RUSS 245W From Russia with Love: Family and Sexuality in Twentieth-Century Russian Literature (4)
Tolstoy famously wrote, "All happy families are alike; each unhappy family is unhappy in its own way." Beginning with his controversial novella, "The Kreutzer Sonata," this course will examine love and family in Russian literature, a problem which becomes particularly complicated in the twentieth century. Topics will include androgyny in the writings of the symbolists, the regimentation of sex in Zamiatin's anti-utopian novel We, mystical love in Bulgakov's Master and Margarita, questions of disease and sterility in Solzhenitsyn's Cancer Ward, and generational conflict in the writings of Tsvetaeva and Petrushevskaia. The course does not require a background in Russian history of culture; only a curiosity and desire to explore new literary worlds. Taught in English.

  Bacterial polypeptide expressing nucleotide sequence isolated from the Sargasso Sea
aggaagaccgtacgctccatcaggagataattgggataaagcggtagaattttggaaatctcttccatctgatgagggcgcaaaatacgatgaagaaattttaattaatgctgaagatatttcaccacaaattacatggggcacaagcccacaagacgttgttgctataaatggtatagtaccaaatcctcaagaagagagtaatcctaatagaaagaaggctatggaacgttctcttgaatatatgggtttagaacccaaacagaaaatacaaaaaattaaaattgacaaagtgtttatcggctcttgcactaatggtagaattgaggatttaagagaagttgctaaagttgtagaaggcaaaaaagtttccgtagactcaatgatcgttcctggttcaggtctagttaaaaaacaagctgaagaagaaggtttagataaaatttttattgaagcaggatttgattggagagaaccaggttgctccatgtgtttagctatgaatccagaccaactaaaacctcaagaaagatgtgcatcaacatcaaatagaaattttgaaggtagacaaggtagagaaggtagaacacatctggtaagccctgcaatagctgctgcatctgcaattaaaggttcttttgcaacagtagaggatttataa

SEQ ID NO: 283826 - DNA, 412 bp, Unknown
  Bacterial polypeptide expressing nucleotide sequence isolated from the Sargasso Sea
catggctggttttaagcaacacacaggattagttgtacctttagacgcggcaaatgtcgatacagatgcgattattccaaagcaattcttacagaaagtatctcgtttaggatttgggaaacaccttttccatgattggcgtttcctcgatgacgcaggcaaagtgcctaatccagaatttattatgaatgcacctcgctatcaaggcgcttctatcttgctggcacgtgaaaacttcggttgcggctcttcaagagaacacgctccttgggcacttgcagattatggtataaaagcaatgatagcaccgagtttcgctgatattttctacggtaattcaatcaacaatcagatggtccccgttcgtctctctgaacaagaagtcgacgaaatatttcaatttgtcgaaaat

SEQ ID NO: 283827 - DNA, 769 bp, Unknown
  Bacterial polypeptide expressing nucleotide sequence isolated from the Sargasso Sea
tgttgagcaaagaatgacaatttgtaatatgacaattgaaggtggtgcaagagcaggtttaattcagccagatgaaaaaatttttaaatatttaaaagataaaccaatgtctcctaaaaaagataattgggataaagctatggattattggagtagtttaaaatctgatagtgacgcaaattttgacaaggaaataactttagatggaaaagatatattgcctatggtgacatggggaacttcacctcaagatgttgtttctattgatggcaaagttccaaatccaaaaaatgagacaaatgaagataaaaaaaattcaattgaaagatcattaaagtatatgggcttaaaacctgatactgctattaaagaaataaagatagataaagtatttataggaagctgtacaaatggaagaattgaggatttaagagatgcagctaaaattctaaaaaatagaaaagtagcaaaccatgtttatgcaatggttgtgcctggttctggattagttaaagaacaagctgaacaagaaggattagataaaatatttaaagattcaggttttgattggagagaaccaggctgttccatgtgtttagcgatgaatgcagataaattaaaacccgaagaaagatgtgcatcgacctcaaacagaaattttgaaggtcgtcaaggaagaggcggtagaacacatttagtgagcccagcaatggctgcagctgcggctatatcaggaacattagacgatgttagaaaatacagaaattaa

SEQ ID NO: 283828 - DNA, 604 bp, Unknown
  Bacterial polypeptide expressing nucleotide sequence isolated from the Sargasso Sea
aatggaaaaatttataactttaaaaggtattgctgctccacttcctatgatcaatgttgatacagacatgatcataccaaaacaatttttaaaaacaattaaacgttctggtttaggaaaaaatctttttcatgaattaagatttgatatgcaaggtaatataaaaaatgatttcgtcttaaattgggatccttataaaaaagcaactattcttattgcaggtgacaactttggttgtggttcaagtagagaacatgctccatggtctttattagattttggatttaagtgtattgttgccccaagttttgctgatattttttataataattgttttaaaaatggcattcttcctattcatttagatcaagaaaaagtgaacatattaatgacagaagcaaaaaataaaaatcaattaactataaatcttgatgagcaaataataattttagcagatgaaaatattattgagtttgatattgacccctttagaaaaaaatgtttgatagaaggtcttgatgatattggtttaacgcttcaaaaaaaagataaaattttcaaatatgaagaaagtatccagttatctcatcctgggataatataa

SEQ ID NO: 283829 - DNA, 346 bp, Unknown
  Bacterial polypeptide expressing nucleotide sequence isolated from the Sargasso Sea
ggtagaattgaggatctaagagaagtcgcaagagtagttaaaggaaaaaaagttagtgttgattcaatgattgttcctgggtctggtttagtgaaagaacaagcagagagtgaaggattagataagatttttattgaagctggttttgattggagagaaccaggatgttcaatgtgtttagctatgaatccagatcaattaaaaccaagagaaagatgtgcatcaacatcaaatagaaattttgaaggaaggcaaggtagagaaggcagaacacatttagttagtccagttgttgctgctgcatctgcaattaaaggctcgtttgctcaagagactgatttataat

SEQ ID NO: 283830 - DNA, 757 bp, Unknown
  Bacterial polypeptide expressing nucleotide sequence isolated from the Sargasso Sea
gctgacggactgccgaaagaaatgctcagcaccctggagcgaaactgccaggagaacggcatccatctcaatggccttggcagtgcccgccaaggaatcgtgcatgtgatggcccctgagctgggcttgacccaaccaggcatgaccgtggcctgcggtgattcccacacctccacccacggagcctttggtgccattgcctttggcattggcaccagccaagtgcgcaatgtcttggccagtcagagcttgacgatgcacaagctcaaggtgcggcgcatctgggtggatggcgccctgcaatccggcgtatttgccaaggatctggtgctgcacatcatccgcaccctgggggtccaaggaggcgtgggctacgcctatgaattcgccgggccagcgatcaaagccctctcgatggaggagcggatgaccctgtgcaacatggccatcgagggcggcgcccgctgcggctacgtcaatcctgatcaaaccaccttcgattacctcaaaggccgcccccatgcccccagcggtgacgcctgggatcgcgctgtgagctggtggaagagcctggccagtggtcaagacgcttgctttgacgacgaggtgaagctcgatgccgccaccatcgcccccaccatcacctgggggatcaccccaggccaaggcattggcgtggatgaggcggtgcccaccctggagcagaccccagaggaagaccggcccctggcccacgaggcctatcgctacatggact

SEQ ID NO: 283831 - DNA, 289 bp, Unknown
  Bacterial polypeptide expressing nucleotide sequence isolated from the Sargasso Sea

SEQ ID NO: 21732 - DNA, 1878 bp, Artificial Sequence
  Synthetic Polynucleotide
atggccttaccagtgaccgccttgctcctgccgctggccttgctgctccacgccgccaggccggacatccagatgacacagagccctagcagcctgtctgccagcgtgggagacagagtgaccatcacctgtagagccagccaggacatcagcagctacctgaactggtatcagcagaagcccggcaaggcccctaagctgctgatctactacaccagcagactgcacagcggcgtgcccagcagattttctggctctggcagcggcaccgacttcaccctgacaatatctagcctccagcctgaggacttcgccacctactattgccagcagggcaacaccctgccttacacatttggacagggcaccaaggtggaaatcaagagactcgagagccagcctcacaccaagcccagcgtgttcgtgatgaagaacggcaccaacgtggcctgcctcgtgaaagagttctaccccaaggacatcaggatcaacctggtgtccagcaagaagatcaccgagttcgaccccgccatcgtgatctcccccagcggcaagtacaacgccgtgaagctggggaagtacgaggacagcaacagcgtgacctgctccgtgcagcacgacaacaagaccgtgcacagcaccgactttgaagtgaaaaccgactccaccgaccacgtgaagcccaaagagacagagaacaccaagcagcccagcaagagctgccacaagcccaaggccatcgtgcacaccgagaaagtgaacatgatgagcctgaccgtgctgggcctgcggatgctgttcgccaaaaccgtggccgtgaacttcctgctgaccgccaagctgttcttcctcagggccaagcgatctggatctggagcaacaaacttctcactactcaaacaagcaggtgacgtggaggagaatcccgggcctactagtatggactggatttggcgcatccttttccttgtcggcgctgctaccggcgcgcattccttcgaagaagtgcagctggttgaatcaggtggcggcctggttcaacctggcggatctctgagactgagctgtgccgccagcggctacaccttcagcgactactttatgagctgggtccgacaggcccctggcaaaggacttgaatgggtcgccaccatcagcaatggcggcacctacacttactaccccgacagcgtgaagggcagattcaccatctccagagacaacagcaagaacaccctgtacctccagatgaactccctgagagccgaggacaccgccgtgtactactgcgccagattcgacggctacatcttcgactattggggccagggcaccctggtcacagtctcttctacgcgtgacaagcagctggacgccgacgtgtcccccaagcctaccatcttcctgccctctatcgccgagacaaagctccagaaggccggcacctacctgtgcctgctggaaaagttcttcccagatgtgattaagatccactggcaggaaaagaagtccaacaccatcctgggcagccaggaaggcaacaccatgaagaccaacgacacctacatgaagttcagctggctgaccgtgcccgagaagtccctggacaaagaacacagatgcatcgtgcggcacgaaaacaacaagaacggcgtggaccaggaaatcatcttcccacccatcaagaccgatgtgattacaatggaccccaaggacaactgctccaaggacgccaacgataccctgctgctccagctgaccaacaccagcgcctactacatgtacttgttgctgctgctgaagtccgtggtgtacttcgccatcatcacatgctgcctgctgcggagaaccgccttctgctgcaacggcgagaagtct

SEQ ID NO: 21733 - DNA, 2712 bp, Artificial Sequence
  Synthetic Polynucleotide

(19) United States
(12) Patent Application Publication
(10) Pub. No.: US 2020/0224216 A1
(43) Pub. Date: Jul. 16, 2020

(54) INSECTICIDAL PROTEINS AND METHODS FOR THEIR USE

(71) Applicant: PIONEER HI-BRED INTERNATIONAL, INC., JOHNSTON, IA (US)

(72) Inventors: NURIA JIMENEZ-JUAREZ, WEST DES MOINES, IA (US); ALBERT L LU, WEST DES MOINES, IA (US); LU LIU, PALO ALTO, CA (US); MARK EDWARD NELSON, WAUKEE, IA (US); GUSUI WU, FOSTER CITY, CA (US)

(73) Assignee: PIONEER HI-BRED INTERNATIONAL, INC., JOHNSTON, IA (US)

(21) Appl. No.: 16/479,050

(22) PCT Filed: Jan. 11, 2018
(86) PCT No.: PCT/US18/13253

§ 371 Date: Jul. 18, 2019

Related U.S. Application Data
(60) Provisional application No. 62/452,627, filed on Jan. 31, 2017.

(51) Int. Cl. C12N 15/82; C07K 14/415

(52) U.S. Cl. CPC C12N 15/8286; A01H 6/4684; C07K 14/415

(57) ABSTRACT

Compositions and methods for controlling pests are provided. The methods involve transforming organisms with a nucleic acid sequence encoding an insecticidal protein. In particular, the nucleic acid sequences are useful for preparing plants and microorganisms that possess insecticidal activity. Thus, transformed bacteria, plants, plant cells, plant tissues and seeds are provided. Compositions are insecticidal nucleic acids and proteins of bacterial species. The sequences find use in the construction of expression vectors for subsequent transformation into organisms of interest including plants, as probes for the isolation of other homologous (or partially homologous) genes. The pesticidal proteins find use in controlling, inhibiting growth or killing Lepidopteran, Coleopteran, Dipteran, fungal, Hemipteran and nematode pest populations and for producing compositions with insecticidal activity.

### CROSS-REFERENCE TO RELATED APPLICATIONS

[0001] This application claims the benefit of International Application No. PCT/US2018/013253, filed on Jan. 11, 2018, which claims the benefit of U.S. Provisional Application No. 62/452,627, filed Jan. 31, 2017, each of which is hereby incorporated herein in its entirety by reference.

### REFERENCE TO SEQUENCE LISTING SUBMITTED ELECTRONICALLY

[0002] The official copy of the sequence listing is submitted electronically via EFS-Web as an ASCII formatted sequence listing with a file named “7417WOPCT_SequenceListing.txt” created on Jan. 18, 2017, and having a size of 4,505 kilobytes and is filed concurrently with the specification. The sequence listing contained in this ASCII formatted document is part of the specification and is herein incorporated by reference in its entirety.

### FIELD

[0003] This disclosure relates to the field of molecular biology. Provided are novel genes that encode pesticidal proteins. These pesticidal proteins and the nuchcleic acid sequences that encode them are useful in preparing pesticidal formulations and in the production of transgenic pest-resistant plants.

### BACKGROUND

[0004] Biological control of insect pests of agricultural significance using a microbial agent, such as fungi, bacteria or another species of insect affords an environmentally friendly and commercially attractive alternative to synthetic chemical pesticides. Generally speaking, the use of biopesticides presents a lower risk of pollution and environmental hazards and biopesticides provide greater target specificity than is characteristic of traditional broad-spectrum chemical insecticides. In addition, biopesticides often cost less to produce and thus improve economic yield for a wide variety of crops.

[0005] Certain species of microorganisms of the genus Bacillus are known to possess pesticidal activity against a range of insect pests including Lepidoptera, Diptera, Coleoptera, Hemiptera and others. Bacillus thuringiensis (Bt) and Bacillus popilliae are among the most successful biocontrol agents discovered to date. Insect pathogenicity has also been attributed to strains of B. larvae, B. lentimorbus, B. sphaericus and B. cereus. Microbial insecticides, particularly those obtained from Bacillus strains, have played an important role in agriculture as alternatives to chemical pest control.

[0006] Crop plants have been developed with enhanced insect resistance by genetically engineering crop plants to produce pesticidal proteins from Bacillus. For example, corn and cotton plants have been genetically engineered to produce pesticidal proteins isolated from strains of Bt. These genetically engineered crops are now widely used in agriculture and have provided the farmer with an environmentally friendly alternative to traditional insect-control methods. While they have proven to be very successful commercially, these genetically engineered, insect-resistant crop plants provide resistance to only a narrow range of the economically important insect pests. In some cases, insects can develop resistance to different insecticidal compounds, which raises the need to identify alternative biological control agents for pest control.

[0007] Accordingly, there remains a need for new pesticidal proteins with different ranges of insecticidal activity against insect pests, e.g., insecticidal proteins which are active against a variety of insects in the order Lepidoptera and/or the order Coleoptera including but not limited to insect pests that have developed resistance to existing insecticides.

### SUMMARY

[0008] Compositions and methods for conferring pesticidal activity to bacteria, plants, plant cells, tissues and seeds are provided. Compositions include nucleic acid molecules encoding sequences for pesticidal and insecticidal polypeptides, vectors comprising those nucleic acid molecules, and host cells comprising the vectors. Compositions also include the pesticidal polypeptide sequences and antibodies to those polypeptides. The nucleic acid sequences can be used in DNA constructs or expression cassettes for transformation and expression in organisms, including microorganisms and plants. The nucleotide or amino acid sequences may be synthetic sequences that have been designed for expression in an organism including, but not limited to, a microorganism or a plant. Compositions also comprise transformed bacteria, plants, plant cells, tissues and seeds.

- General Education Requirement Fulfillment: Writing-centered; Arts & Humanities; World Engagement: CV
- Offering: Alternate years
- Instructor: Bishop